Austria
Local time: 22:24
German to English
+ ...
Please get the original German Sep 25, 2014

My guess is in line with the 32 cards theory, but I'd need to see the German. You say it's a poem but to begin with you said it was from a film. I'm a bit confused.

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Michael Wetzel  Identity Verified
Germany
Local time: 22:24
German to English
original poem cited in the film Sep 25, 2014

Here's the German (Google sei Dank):

Wirst Du, Kartenhaus, mich mit dem dreiunddreißigsten
Deiner Bilder betrüben, oder ist es naiv
Wenn die Grenze mir einstürzt, das Äußerste, zu wagen
das Medium, das Herz, für die noch schönere Münze

Sascha Anderson, Herbstzerreissen, (year?)

I hope that this project does not really involve releasing a subtitled film version based on a translation of translated subtitles.


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Erik Freitag  Identity Verified
Germany
Local time: 22:24
Member (2006)
Dutch to German
+ ...
Playing cards Sep 25, 2014

Michael Wetzel wrote:

Here's the German (Google sei Dank):

Wirst Du, Kartenhaus, mich mit dem dreiunddreißigsten
Deiner Bilder betrüben, .


That supports my suspicion: The front or face of a playing card is called a "Bild" (plural: Bilder) in German. Not sure if "image" isn't a mistranslation.


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arwam  Identity Verified
Egypt
Member (2014)
English to Arabic
+ ...
TOPIC STARTER
Thank you! Sep 25, 2014

David, it's a poem but someone is reciting it in a film.

Michael, thank you for finding the German version. It is indeed the film Anderson and I just received word from the colleague who proofread it confirming this is the poem.
I'm ashamed to say this, but it actually is based on a translation of a translation. Hopefully, I'll convince my client to have someone who translates from the original language proofread it.

Erik, Astrid, David, I'm guessing this means your theory is right. I want to say that I'm impressed by how you got that from what I posted but then I'll sound silly for obvious reasons.

Thank you so much, everyone! This was very helpful.


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Michael Wetzel  Identity Verified
Germany
Local time: 22:24
German to English
relay translations and subtitles Sep 26, 2014

I accept that relay translations are sometimes necessary, but ...

... it can't be that hard to find good German > Arabic translators.
... subtitles generally involve substantial changes to a film's dialogue in order to fit them into the available space, fit them into the available amount of time, make them easily readable, etc. (In addition to all of the shifts that any translation always involves.)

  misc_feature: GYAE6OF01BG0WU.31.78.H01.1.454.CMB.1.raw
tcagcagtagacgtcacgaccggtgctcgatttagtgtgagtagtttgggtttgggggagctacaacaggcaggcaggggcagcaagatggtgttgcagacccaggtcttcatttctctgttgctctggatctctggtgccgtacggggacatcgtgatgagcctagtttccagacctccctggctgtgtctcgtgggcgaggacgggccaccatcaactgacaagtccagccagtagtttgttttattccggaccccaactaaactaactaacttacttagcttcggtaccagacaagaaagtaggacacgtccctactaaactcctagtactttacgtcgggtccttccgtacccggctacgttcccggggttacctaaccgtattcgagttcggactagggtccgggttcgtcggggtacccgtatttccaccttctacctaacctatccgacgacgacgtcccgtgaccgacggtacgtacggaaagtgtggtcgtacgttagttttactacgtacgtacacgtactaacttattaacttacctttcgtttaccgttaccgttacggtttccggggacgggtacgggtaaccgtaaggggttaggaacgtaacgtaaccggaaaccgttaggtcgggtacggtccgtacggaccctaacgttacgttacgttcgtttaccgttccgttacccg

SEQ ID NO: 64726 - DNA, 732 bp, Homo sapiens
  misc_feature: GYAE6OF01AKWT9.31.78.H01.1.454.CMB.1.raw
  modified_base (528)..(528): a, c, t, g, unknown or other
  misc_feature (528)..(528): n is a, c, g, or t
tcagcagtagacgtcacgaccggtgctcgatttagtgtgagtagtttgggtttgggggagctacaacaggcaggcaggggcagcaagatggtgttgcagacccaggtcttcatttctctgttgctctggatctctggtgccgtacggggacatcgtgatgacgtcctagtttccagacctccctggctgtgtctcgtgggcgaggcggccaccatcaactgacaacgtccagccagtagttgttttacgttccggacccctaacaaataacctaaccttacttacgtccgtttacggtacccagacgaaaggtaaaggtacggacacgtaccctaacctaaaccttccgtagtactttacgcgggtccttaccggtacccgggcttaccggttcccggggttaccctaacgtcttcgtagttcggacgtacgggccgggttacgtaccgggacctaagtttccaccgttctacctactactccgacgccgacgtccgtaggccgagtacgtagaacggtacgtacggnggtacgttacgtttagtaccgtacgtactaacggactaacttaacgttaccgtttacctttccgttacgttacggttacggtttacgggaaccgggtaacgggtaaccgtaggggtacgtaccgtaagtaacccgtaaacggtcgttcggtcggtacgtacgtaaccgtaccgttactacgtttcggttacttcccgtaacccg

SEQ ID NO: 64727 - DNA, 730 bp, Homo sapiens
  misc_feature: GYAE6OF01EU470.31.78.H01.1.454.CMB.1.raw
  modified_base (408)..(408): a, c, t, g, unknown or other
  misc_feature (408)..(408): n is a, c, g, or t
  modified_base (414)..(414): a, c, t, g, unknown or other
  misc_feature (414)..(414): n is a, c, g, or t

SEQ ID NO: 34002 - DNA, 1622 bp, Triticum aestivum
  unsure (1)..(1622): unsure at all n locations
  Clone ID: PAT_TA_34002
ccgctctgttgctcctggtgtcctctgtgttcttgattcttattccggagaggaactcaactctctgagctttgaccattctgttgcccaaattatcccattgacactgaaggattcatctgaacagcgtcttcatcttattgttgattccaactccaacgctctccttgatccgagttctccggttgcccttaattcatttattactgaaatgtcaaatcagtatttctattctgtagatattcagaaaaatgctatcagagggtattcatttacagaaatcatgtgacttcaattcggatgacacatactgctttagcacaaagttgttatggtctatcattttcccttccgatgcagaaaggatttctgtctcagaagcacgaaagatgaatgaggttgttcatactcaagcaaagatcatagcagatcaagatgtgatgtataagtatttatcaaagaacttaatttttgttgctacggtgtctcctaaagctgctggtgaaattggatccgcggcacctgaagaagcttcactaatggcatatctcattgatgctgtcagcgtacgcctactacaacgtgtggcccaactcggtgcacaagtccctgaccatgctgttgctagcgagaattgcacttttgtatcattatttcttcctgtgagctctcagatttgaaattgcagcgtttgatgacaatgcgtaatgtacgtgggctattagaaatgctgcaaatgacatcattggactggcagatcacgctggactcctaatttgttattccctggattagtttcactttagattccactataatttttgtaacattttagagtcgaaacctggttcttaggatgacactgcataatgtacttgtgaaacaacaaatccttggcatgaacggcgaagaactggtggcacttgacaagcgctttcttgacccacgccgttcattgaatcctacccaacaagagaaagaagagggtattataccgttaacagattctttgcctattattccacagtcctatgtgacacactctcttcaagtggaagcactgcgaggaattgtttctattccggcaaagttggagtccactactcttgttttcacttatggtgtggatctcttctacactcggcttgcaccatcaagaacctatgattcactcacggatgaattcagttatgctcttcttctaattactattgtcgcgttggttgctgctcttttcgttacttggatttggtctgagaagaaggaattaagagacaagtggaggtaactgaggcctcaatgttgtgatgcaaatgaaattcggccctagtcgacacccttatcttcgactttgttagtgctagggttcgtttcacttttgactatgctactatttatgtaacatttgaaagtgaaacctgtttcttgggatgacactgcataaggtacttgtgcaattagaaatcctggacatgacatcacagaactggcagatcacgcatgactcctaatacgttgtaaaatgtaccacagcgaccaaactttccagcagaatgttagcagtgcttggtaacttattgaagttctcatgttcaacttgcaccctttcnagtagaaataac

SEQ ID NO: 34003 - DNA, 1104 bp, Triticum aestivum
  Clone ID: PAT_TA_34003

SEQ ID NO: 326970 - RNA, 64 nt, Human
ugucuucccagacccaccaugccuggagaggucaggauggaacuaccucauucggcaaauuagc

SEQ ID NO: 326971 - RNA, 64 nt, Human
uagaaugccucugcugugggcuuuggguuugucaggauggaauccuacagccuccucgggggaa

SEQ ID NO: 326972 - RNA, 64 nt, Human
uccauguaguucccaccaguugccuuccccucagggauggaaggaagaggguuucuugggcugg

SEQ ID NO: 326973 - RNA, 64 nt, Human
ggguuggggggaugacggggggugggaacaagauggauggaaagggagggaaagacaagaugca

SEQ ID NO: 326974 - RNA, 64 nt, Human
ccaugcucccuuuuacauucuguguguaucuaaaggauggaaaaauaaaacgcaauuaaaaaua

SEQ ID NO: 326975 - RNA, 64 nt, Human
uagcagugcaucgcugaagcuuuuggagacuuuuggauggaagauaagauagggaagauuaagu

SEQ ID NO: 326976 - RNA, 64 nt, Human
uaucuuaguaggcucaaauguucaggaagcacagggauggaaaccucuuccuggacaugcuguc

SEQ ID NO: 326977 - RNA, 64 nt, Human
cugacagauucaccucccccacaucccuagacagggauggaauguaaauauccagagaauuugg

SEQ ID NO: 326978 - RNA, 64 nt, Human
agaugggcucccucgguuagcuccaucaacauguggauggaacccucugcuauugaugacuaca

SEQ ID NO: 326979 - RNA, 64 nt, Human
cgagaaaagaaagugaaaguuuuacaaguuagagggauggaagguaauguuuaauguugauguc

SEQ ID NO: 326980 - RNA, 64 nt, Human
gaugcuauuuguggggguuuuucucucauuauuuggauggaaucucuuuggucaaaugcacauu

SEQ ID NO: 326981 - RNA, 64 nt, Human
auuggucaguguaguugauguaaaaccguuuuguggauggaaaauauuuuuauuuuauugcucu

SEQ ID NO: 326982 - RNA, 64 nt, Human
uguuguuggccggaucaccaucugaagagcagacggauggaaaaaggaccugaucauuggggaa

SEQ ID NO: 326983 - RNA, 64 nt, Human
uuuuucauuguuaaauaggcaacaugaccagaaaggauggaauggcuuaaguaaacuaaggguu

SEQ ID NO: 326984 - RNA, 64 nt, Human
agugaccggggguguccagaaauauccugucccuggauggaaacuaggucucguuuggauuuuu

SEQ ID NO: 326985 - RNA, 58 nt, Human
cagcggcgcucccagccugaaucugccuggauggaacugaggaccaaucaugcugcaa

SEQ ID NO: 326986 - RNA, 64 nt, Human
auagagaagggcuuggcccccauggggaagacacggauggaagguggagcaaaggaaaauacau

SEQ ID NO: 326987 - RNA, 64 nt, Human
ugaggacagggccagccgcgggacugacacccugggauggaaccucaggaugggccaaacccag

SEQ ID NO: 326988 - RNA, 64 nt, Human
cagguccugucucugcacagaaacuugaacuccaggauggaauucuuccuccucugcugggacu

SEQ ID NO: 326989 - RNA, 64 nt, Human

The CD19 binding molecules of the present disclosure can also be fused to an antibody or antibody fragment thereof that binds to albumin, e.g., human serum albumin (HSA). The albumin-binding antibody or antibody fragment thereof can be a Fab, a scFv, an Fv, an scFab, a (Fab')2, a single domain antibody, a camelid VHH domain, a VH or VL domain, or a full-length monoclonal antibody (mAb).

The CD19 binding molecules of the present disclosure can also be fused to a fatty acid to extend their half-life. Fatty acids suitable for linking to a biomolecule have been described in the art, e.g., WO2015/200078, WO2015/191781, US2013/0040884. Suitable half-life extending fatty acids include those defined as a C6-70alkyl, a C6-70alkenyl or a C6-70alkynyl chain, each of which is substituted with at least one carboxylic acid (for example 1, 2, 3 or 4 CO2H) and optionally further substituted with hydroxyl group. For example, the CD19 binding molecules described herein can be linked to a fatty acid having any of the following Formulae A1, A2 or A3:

I am not criticizing you, but the end client (and particularly an agency, if an agency is involved) really ought to have at least the most rudimentary grasp of what is involved in subtitling and in translating in general.

I just took a look at a description of the film and it sounds absolutely fascinating. I guess that I would really tend to place the blame on the end client here: This is a quality film and it is hard to believe that they don't know what they are doing.
Authors, scriptwriters and the companies that hold rights to their works really ought to behave a little more responsibly. If adequate funding is not available, then they should work on finding it or they should concentrate on more important projects than translating their films into as many languages as possible - but they shouldn't use a lack of funds as an excuse for shoddy work.

I wish you the best of luck, because obviously failure is not guaranteed and you seem to be giving this project everything you've got, but everyone else involved seems to have done their best to make your work as difficult as possible.


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arwam  Identity Verified
Egypt
Member (2014)
English to Arabic
+ ...
TOPIC STARTER
Funding Sep 26, 2014

Your solidarity is really heartwarming, Michael, after a horrible week I spent working on this film. And you're right about it. It's a great film and it deserves decent subtitles.

I have, however, to clarify that the filmmakers/writers aren't the ones who charged me with this task. It's doubtful that they are directly related to anything further than selling screening rights to my client. Yet, I don't think anyone but them is to blame for the terrible English subtitles.

For the Arabic subtitles, it is indeed a funding problem. You can imagine, these kinds of films don't always get big bucks.

All we can do now is hope my best was enough and I didn't distort the story very badly.

[Edited at 2014-09-26 08:06 GMT]


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33 October